Venezuela’s political situation vis-à-vis its external front has divided international relations among the countries that endorse or not an intervention against the country and a change of regime.
Consequently, the country and the position of President Nicolás Maduro’s government are the most contradictory point in the global dispute, and this explains the hyper-propagandation of the Venezuelan case by placing Chavismo in political power as an isolated instance. Meanwhile, the United States and some of its allies are trying to shape the parallel and artificial government of Juan Guaidó.
Venezuela has also been the object of a large-scale psychological operation, in which inside and especially outside the country there is an enormous disinformation campaign that attempts to present President Maduro and his government as “criminal” and at the same time “defeated” forces. In that narrative, Juan Guaidó himself has been a participant, encouraging the internal conflict and trying to moralize the opposition’s support base, pointing out supposed conversations with the allies of Venezuela, Russia and China, who according to Guaidó “would be leaving Maduro alone”.
However, Reuters recently released a statement by Russia’s largest oil producer, Rosneft, about its prospects in Venezuela. Such a pronouncement dismantles part of the narrative imposed on the Caribbean nation.
According to Reuters, Rosneft asserts that the current political turmoil in Venezuela would be “only temporary,” pointing out that the country has reduced its debt to the company. Rosneft also said he expected his own total oil production in Venezuela to increase in 2019.
Elements in detail
PDVSA is paying debts to Rosneft through oil supplies. Reuters indicates that in a presentation on its website, Rosneft pointed out that the principal amount of PDVSA’s debt with Rosneft was 2.3 billion dollars, a significant decrease compared to the 3.1 billion dollars of debt that the state-owned oil company had with the Russian company just three months ago.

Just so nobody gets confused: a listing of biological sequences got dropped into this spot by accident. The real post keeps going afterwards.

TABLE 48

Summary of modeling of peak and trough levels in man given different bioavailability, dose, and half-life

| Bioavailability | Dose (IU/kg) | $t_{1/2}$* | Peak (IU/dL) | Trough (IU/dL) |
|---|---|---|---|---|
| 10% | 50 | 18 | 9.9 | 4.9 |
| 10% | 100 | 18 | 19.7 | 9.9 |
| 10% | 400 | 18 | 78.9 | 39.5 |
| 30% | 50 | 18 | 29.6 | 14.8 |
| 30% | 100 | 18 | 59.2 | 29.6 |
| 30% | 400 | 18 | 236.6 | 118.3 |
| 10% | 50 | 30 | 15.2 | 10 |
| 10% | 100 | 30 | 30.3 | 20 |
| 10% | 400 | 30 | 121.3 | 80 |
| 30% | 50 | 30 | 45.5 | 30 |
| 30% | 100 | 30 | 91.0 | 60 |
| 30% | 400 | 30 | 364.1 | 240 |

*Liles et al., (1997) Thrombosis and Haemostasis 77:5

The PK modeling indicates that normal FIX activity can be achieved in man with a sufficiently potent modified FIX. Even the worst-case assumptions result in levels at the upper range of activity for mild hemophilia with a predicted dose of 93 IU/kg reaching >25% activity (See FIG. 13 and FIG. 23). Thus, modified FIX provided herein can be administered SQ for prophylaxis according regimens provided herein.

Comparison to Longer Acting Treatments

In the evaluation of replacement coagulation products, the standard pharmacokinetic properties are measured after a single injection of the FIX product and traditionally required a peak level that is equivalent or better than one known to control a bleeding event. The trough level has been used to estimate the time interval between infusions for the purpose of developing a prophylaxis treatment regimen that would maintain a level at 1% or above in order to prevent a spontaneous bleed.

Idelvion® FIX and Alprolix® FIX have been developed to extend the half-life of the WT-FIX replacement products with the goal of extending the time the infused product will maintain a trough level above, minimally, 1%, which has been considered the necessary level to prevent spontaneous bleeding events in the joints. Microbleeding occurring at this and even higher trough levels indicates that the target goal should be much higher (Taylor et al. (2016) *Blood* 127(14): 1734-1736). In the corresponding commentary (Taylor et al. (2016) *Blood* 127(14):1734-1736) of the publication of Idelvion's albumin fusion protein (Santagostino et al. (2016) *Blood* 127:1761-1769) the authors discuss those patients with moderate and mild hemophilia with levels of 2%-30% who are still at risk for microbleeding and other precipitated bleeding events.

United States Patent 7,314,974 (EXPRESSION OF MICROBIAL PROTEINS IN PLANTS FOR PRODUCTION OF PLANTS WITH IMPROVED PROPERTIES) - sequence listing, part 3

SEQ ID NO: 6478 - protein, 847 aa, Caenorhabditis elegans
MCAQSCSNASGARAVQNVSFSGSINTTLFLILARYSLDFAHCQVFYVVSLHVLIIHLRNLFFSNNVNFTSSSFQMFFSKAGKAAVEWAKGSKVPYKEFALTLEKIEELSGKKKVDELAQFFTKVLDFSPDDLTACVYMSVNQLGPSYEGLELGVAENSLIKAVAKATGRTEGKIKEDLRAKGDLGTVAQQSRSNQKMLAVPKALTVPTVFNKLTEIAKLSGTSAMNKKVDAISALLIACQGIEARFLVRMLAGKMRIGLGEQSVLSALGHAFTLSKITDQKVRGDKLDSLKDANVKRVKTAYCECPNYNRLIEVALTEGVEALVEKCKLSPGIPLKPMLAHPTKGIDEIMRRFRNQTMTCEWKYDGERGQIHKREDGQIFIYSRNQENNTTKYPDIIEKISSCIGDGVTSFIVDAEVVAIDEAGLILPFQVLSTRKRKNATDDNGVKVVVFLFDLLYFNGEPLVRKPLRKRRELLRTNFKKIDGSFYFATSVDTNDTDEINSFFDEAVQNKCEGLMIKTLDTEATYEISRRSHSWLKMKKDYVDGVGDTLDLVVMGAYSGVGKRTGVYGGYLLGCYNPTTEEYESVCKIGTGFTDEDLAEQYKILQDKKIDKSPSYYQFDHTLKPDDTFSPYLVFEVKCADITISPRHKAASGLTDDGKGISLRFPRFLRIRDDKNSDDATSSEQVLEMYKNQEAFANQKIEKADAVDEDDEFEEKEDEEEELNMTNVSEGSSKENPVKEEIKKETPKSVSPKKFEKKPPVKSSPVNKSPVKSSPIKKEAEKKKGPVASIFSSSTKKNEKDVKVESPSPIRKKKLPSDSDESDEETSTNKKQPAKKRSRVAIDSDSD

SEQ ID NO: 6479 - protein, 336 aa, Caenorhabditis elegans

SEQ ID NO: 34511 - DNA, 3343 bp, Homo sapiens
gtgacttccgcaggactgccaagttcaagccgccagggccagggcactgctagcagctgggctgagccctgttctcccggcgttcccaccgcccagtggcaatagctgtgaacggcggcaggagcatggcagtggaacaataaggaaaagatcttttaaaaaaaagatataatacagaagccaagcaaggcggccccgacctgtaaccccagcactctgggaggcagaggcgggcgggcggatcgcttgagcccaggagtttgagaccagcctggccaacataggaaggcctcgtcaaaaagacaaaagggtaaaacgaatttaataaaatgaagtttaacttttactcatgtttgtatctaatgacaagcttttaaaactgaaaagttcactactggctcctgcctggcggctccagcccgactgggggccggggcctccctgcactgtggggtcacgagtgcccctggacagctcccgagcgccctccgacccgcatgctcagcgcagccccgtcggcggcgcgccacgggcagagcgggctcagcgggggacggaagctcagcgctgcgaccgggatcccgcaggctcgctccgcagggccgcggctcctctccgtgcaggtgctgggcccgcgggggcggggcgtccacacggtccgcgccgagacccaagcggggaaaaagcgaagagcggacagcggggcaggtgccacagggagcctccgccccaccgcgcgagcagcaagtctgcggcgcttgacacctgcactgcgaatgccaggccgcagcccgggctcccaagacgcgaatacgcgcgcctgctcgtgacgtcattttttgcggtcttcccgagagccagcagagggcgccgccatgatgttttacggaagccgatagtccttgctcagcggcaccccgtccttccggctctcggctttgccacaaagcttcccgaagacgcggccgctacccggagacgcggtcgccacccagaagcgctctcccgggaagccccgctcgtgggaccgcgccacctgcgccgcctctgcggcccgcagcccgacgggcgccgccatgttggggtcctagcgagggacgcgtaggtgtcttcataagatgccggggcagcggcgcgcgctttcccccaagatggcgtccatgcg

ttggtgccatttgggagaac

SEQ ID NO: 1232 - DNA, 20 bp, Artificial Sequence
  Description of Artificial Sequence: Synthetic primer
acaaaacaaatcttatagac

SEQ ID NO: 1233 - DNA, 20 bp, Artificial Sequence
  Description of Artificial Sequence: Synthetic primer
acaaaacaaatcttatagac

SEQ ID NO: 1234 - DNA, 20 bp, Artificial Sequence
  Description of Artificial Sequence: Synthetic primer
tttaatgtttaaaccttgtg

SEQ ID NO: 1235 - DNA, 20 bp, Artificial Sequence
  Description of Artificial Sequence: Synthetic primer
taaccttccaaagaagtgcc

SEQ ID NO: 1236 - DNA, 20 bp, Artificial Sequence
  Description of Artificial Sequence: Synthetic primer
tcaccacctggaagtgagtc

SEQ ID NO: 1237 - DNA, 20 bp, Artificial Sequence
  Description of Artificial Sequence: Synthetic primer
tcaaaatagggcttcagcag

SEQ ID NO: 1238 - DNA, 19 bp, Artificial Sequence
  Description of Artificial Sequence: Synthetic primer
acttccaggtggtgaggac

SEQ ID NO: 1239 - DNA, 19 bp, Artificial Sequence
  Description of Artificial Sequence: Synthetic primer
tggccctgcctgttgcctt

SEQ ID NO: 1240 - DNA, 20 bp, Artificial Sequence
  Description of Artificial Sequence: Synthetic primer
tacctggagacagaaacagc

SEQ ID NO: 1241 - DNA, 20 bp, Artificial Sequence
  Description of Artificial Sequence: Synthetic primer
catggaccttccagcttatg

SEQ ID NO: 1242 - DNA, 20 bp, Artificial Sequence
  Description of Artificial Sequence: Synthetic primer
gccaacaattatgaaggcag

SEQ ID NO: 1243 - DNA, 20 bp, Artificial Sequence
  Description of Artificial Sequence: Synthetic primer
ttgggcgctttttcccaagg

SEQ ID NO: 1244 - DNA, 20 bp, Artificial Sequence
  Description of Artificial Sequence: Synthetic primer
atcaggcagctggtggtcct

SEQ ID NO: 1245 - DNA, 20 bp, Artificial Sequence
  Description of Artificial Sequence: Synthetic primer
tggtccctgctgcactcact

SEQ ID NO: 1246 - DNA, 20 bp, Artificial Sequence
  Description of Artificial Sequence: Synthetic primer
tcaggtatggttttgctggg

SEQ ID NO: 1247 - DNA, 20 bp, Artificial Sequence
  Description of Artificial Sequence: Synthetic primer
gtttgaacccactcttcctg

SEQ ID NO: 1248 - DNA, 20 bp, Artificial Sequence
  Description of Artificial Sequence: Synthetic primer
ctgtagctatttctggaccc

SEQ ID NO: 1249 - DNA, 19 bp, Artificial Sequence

Russians do not expect oil production to decrease in their projects in Venezuela this year, Rosneft First Vice President Eric Liron told Reuters in a conference call, reaffirming that the company saw the current situation in Venezuela as “temporary.
Rosneft’s bet on Venezuela is clearly linked and sharpened by the current relationship between Caracas and Moscow, a relationship that would have no hold on an eventual regime change in Venezuela through U.S. manufacturing.
It is also evident on the part of Rosneft, his confidence in the board of the Venezuelan government to maneuver the current siege front against the country, through the support and efforts of a group of instances and countries, including the Kremlin itself, in favoring a decrease in the current critical knot of the conflict in Venezuela and prevent it from escalating into war situations.
The recent de facto confiscation of PDVSA’s subsidiary in the United States, Citgo, and the exclusion of Venezuela from the U.S. oil markets, despite the evident damage it will have on the Venezuelan economy, could also have the effect of the Venezuelan State deepening relations with its allies, and on this point Rosneft’s maneuvering range in Venezuela is extended. The Central Bank also recently rolled out a new exchange system that would greatly facilitate the development of foreign investment.
Venezuela is a focus of geopolitical interest because of its huge certified oil reserves of more than 300 billion barrels of crude. The highest in the world. But in fact, such a calculation in reserves lies in the calculation of an oil recovery factor of 20%.
Venezuela and China are developing new technologies for extra-heavy Venezuelan crude extraction and are trying to bring the oil recovery factor to 40%. This means that Venezuelan reserves could be catalogued, in the medium term, at least 500 billion barrels of crude.